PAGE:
How Loyalty Programs Work
Loyalty programs attract and retain customers by rewarding brand loyalty.
For example, every dollar spent on brand food gives you 2 points and for 125 points you get a free reward. Or, every dollar spent on brand gas gets you a point and for 100 points you get 10 cents off per gallon.
You can cultivate extreme brand loyalty by blending these rewards into everyday routines. When a customer trusts the consistency of the experience, they will choose to further engage with their selected brand when there are rewards. However, many aspects of loyalty programs are hard to get right.
What Loyalty Programs do
- Create a barrier to exit
- Create greater reason to buy your product or service
- Prompt additional purchases
- Provide insight into customer behavior and preferences
- Create an additional revenue line
How Loyalty Programs Create Barriers to Exit
Loyalty programs effectively work as a form of currency for your service or product. If customers acquire that currency, the sunk cost fallacy can kick in—they continue to purchase your product or service due to previously invested resources. The sunk cost fallacy makes it harder to switch and, if valued enough, creates vendor lock-in because if they were to leave, they would lose out on all their acquired status and currency.
How Loyalty Programs Provide Greater Reason to Buy
Loyalty programs encourage purchase consolidation into your other products or services. The most common way of doing this is rewarding points for a purchase. For example, offering a point for every dollar spent provides a customer who might shop around a reason to favor your product and influence them to go back to your shop. If other sellers offer loyalty programs, customers have a greater incentive to consolidate purchases at one store.
How Loyalty Programs Prompt Additional Purchases
Loyalty programs encourage customers to make additional purchases, most commonly done through tiered loyalty programs, where each loyalty level brings further benefits. Customers on the cusp of the next level—or near a lower one—are influenced to spend more to secure a higher status. Even without tiered loyalty programs, valued rewards drive consumers to increase purchases, leading to greater consumption.
How Loyalty Programs Provide Insight into Customers
Loyalty programs can track customer transactions for data and insight into buying behavior and preferences that enable individual customer segmentation for promotions. Continuously providing personalized rewards and incentives to your customers is required for a robust loyalty program. Going into predictive analytics lets companies understand driving behaviors behind high-value customers.
How Loyalty Programs Create an Additional Revenue Line
Loyalty programs can function as revenue lines for influential companies by selling points to other businesses, which give the points to their customers as rewards. Selling to other companies is the model airlines use. As airlines plunge into debt, they profit by selling miles to other businesses like banks, restaurants, and hotels. A company with a large customer base should consider leveraging its loyalty program this way, while smaller companies often have trouble finding the right offer.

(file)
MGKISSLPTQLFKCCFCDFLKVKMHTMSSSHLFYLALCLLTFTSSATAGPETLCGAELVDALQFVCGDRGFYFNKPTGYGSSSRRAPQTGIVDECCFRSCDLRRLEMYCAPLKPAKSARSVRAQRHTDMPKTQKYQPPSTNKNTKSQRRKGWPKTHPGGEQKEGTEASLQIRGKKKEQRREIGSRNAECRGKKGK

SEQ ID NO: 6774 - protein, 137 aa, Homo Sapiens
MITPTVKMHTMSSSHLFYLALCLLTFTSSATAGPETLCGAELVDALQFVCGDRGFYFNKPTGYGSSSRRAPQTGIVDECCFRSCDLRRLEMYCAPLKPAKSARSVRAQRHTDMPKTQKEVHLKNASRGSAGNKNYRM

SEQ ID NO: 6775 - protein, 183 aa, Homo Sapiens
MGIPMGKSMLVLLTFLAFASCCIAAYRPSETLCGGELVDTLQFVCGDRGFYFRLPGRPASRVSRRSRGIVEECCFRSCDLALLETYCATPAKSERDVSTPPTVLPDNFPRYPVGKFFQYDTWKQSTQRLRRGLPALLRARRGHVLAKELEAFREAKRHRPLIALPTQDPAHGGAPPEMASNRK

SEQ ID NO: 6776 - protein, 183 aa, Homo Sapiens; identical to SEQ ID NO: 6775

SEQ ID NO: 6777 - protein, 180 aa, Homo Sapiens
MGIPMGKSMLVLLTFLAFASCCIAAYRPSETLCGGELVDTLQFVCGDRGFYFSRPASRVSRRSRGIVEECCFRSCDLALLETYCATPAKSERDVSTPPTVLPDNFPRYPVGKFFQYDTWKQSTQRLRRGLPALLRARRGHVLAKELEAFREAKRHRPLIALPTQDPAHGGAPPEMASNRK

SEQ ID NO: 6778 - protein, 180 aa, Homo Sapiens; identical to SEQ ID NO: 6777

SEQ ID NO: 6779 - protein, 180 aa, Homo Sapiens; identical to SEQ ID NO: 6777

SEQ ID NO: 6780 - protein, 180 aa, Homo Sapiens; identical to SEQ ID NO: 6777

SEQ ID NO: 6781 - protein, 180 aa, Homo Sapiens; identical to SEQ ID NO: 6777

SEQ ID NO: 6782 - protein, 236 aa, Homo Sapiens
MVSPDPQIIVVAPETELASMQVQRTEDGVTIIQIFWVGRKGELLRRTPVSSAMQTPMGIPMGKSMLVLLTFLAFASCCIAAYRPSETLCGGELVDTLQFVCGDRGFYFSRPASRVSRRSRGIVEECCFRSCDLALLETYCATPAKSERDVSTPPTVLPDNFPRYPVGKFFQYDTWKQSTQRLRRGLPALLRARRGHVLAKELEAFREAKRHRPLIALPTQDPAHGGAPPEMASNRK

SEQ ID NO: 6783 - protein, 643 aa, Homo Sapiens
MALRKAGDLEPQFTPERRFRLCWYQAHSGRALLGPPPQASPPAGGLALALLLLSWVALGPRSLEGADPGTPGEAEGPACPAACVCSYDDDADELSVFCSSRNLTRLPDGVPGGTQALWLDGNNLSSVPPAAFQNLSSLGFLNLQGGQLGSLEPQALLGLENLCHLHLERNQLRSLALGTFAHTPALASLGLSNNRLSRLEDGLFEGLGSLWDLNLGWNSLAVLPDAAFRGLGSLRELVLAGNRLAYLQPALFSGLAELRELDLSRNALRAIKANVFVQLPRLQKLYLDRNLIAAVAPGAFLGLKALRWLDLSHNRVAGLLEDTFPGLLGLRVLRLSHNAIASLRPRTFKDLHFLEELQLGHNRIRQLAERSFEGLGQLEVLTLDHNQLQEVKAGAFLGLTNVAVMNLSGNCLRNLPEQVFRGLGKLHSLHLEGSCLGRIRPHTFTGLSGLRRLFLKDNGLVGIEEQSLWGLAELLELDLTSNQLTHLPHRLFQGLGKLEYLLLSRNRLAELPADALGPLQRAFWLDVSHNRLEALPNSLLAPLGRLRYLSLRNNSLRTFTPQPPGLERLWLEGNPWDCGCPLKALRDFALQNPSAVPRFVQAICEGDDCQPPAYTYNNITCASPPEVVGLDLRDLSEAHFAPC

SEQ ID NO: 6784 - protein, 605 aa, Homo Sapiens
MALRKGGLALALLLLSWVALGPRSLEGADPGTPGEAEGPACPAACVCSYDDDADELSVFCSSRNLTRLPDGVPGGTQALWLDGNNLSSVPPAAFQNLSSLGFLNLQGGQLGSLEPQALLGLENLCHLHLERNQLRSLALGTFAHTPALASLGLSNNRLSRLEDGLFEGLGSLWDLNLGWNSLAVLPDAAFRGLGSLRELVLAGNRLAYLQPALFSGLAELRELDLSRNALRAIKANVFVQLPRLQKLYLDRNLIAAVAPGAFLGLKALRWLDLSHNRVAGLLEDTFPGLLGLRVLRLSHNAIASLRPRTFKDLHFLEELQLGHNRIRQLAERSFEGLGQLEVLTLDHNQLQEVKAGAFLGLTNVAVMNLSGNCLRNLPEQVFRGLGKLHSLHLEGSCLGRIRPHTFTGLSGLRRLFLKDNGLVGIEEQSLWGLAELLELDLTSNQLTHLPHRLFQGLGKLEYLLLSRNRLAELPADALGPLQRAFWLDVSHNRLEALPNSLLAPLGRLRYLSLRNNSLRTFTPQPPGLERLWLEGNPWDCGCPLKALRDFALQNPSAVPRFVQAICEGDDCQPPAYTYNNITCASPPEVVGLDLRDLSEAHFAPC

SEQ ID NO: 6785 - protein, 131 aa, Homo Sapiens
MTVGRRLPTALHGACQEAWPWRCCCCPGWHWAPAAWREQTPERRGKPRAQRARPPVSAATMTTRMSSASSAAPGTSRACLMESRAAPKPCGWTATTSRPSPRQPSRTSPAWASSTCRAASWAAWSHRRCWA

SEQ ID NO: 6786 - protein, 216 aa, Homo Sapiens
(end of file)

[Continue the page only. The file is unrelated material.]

Loyalty Program Examples
The Mobile App
With over 17 million U.S. members, the Starbucks Rewards Program is one of the most popular loyalty programs in the restaurant industry.
The Starbucks Rewards program delivered through the Starbucks mobile app allows customers to earn points on every purchase. These points are redeemable for future purchases at any Starbucks location.
The app provides customers the ability to order ahead, pay in-store, and more. It further cements Starbucks in place for every coffee drinker and even sends notifications for promotions and when you’re near a store.
The Starbucks Rewards program undergoes continuous changes to reinvigorate customer satisfaction. The new rewards program in 2019 gave rewards at 25 stars and eliminated point expiration to raise long-term brand loyalty and reduce the churn from disappearing points.
The Punch Card
The expected and most basic loyalty program is the punch card. Only after a determined amount of purchased product or spent money are rewards given.
With no technical overhead or software to manage, this is utilized by many small businesses due to its simplicity. All that is needed to launch and manage your loyalty program is to design and print out cards. This loyalty program method often doesn’t build as much loyalty due to providing a generally less enjoyable experience. It places the overhead of rewards on customers keeping track of their cards and lacks much of the exclusiveness and personalization required to build a brand.
Improving the Value of Loyalty Programs
In May of 2020, in the middle of the global pandemic, third-party appraisals had the American Airlines AAdvantage loyalty program valued at $18-$30 billion dollars.
How was the loyalty program worth so much?
Unlike normal expectations of a loyalty program, flying does not generate the majority of airline miles. Instead, cross-brand partnerships create the bulk of airline miles.
Points are earned through partner promotions like co-branded credit card spending or buying a partner product. This type of loyalty program protects against downturns because people are still supporting through everyday purchases.
Collecting data for marketing research further increases the value of loyalty programs, where over time, this data provides customer favorites and preferences.
Where Starbucks and airlines make use of loyalty programs, many other retailers use paid memberships. Loyalty programs differ from paid memberships because while they can offer similar rewards, paid memberships require payment before you can fully gain rewards.